As always, we stayed at the delightful Killiecrankie House and the food was divine. Whilst I lived on a diet of surprisingly little food and a lot of drink for the first week, I think I must have put at least 6 pounds on whilst at Blair. I had a grapefruit for breakfast and a healthy lunch, but the dinner was too much to resist. Their sticky toffee pudding was immense. I even managed to ask for sticky toffee pudding and not stiffy cocky pudding.
So now I’m home. I’ve got tonnes of great memories and I’ve laughed more in the last fortnight than I have in ages. Now I just have to cling on to those memories and look forward to the next adventure.


The discovery of the real “you” does not lie within the journey, but in the packing.

Everyone talks about going travelling to broaden the mind or discovering the real “you”, but having spent an entire day packing for various different occasions, I have come to the conclusion that your inner self is hiding at the bottom of the rucksack.

Packing is, in itself, a journey. You begin, full of excitement for your forthcoming trip. You are resolute that you will pack lightly and not take unnecessary stuff with you. So you grab yourself a bag and begin to plan your days. Everything is going to plan, until one thing occurs to you: what happens if it rains? You have only packed for good weather! So then you grab a few jumpers and long-sleeved tops out. But a jumper doesn’t go with shorts, you’ll have to pack jeans as well.

So now, you’ve got more outfits than you have days and your empty suitcase is surrounded by piles of clothing. You’ve lost control, you start throwing all your favourites in, just in case. You’ve put a swimsuit in, not because you’ll have a chance to swim, but you don’t want to be caught without. Then you’ve got a coat, jumper and thick trousers, because you never know when the weather will turn. In the Med. You’ve got both pairs of flip flops, not so you can go out with solely flip flips or flop flops, but just so that you can decide on the day, which pair you will wear.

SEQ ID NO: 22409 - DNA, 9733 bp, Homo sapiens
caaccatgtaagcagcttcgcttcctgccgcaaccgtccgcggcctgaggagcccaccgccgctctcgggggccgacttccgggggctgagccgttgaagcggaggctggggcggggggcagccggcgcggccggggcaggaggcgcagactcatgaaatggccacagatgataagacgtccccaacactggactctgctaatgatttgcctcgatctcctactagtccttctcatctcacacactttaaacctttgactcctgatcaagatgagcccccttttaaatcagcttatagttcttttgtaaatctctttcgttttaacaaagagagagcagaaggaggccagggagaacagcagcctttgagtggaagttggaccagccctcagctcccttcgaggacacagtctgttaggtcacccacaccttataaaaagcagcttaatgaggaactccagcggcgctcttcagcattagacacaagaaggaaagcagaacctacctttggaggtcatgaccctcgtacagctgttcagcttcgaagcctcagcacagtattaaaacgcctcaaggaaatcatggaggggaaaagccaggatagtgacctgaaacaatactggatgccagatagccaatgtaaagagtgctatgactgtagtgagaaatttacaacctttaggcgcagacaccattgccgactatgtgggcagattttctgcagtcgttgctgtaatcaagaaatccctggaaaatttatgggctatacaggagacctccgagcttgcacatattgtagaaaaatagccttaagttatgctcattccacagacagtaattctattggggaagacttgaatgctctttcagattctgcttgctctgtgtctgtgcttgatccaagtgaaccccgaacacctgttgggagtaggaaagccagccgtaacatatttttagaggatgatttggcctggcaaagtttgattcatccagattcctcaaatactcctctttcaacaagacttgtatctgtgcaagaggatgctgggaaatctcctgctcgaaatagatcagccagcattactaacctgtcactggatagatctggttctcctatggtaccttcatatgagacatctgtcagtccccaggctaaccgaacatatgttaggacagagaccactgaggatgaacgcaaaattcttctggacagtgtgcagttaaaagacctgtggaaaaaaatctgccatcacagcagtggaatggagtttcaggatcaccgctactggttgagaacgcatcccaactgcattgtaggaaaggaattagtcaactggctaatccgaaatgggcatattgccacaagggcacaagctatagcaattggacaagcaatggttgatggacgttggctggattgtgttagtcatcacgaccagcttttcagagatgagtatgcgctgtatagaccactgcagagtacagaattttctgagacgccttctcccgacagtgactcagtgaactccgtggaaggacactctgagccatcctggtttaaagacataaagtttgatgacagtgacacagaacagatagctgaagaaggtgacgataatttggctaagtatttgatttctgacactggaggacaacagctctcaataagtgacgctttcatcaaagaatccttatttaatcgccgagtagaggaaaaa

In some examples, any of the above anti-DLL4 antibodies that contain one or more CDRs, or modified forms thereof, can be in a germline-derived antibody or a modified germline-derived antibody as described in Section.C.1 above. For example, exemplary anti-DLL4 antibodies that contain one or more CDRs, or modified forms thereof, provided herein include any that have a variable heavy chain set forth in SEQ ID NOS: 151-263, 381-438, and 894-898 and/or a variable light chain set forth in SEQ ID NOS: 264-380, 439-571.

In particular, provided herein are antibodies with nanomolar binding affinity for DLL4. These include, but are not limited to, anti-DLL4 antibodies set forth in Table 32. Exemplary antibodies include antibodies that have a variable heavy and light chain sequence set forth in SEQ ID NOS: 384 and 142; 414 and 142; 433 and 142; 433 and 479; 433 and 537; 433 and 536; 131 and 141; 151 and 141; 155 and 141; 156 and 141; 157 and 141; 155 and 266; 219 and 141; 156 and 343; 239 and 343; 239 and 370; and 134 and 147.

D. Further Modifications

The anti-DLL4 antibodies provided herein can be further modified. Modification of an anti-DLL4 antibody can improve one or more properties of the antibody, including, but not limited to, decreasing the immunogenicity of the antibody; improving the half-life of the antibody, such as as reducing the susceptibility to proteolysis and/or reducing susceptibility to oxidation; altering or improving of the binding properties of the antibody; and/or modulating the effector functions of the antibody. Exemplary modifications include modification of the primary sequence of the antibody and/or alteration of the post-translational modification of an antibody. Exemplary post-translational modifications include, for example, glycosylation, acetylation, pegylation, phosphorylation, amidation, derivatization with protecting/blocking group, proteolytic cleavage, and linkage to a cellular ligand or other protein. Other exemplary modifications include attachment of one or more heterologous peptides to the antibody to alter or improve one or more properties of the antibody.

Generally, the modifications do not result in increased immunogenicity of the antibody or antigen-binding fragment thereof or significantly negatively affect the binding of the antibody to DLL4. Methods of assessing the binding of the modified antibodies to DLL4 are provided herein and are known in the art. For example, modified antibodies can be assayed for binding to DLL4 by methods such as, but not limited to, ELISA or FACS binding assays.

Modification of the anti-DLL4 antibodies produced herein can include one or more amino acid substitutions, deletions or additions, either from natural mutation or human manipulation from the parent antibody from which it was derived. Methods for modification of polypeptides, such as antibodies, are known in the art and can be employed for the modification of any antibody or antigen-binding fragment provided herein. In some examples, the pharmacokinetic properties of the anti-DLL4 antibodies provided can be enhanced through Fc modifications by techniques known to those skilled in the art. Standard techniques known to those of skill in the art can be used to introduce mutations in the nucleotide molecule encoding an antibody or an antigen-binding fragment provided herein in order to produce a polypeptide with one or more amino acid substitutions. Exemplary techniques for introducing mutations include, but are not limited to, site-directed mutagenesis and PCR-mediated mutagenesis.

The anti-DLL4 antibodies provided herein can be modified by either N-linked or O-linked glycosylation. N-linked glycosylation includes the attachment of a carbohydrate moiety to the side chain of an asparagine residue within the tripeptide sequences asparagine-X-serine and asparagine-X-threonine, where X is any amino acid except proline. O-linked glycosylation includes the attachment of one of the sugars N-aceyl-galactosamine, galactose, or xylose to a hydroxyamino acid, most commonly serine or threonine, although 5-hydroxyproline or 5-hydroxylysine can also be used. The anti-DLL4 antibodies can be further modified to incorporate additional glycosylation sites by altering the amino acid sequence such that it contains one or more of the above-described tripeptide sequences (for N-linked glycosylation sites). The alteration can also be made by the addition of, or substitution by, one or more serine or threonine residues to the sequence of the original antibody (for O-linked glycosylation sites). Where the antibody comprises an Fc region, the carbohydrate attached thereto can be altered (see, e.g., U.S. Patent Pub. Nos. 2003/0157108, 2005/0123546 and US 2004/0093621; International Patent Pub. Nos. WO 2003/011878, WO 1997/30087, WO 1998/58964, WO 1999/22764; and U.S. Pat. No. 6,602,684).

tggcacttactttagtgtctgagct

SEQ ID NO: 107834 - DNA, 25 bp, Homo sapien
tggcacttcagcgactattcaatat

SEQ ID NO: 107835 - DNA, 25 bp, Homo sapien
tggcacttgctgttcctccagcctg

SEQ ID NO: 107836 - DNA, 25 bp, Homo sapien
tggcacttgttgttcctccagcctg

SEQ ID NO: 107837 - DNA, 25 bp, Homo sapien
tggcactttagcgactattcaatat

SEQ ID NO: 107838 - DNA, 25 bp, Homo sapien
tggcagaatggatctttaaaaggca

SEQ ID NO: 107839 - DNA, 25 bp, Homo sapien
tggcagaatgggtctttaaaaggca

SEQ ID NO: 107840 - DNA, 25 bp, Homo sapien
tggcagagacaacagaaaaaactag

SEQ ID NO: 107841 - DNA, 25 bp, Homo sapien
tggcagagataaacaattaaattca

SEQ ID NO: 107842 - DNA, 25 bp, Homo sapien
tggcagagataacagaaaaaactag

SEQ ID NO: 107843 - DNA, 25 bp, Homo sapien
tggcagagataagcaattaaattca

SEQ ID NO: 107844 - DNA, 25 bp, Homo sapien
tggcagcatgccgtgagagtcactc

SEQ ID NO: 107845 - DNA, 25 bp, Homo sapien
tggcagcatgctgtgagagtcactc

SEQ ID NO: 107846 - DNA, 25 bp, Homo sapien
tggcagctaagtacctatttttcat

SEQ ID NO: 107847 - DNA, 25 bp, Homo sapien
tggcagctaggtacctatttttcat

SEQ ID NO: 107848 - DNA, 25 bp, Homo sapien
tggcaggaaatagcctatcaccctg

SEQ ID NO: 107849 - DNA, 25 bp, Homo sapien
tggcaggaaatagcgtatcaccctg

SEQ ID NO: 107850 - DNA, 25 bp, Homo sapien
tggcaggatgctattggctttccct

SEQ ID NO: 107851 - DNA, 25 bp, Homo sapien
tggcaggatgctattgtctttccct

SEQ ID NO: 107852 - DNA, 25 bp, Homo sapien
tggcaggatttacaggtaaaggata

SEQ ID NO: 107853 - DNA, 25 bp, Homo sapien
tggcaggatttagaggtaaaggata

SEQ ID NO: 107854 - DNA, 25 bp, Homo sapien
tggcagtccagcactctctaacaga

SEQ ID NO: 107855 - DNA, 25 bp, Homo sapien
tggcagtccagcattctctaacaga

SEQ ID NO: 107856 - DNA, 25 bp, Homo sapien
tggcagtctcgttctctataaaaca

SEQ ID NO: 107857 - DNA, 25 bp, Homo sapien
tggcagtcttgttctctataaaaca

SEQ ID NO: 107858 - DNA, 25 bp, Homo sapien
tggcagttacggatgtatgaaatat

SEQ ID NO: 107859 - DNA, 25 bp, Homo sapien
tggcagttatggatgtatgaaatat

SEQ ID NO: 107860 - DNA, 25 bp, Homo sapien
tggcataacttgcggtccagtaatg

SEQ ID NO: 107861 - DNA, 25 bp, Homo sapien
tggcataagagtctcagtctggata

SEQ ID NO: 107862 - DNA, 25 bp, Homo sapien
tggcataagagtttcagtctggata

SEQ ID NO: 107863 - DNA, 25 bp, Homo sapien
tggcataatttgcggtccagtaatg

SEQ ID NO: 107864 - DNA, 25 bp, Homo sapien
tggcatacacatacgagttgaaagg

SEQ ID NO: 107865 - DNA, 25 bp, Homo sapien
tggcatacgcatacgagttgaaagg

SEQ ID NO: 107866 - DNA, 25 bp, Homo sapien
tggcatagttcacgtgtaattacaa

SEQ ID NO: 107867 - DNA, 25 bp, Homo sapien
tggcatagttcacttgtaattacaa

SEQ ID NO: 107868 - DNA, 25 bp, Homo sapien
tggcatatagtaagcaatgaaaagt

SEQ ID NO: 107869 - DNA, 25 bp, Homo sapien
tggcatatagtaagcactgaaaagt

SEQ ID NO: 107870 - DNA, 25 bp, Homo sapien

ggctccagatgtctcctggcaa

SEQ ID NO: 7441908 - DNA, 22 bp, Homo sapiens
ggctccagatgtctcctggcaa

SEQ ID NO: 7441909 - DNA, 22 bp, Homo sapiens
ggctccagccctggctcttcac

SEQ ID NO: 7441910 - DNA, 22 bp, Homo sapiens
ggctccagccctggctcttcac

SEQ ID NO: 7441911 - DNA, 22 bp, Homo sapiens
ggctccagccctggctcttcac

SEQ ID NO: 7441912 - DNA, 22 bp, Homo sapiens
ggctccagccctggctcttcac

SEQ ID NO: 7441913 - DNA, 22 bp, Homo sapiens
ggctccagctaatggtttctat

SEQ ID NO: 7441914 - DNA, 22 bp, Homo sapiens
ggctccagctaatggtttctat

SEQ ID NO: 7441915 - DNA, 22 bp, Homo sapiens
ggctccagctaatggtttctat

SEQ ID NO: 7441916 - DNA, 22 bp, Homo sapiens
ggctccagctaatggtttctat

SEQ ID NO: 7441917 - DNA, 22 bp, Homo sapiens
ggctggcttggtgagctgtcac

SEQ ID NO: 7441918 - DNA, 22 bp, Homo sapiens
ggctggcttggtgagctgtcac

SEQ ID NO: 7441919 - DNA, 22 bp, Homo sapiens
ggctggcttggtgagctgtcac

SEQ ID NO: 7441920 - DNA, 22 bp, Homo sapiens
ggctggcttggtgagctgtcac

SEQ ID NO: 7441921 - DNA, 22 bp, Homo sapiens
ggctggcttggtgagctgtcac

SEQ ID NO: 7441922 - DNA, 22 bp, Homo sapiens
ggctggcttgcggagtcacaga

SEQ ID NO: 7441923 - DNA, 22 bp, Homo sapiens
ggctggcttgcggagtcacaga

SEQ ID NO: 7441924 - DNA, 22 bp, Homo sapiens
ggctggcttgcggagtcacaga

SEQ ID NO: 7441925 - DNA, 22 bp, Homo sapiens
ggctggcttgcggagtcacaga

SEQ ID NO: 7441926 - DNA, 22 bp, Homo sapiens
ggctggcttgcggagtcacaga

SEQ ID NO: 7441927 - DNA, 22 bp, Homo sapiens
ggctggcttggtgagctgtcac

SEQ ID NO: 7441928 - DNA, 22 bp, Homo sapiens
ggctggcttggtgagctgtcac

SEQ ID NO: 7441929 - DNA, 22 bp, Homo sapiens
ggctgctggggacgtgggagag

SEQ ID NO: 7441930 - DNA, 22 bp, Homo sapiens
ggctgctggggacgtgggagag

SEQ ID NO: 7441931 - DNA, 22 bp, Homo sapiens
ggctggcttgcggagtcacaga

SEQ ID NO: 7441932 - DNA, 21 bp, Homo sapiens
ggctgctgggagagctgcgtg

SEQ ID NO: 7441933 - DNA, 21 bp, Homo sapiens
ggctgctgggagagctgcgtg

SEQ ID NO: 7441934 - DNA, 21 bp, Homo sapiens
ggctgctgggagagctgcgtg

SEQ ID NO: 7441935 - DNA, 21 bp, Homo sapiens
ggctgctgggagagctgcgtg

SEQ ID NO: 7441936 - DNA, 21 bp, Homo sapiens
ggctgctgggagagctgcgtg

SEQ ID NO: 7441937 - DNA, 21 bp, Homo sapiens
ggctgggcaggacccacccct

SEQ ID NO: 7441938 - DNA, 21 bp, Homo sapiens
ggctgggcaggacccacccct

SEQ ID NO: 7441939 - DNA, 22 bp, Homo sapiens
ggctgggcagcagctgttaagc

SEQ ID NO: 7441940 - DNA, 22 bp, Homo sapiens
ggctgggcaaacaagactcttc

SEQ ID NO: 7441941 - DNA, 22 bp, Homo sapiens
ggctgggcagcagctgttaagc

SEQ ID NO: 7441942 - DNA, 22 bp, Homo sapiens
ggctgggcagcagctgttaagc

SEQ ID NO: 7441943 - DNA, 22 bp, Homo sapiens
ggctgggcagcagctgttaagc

The excitement of going on holiday is starting to fade as you realise you have to decide what to take. Suddenly your bag seems woefully small and your clothes inadequately large. You sink down on the bed, bored of all of this, dreaming of it being finished and getting to your destination. You lose all will to pack and distract yourself by turning your out of office on, making sure your bank account is correct and all those really important, but unnecessary things.

In a moment of panic, you turn reluctantly back to your packing. Sensibly, you throw some stuff aside and then work out how to cram everything in. It is only when you’ve just managed to inch the zip closed, by lying across the case, that you realise you’ve forgotten underwear, a toothbrush and your toothpaste. The next mission, should you choose to accept it, is to start trying to poke things in through that gap in the zip.

I can talk about this so knowingly because last night I packed a bag for a 2 day stay in Edinburgh followed by a week in rural Scotland, working at Blair Horse Trials. Thankfully, for the main, this involved work clothes, which have been printed especially for the occasion. Easy; although, last year, it did rain like a dog, so I have packed a few extras to try to stop myself from drowning. Then I have thrown a few nice clothes in for Edinburgh and my GHDs for the trip. Where it starts to get difficult is that I will be at V Festival immediately before, so I have had to work out what I will need for both and which bits I can take where. It has been a logistical nightmare, and that is before I started packing ten boxes full of lab equipment and all of its accoutrements for the work side of it.

What have I discovered today? Every packing experience takes you on a journey of excitement, disillusionment and disappointment. Forget the holiday, I’ve travelled enough before I’ve even left.

The worst winter I ever suffered was summer in Britain.

As a society, we hold summer as this wonderful, much fabled, blissful time. A time when we sit on sun loungers, read literary classics that we’ve previously only bent the spines of (so as to appear well-thumbed to the discerning passer-by), get a glorious, yet natural sun tan and basically live the good life. How many of us think of summer as a time when we can invite the world round for a barbeque, where everyone will reminisce about times gone by and laugh whilst sipping at their Pimms?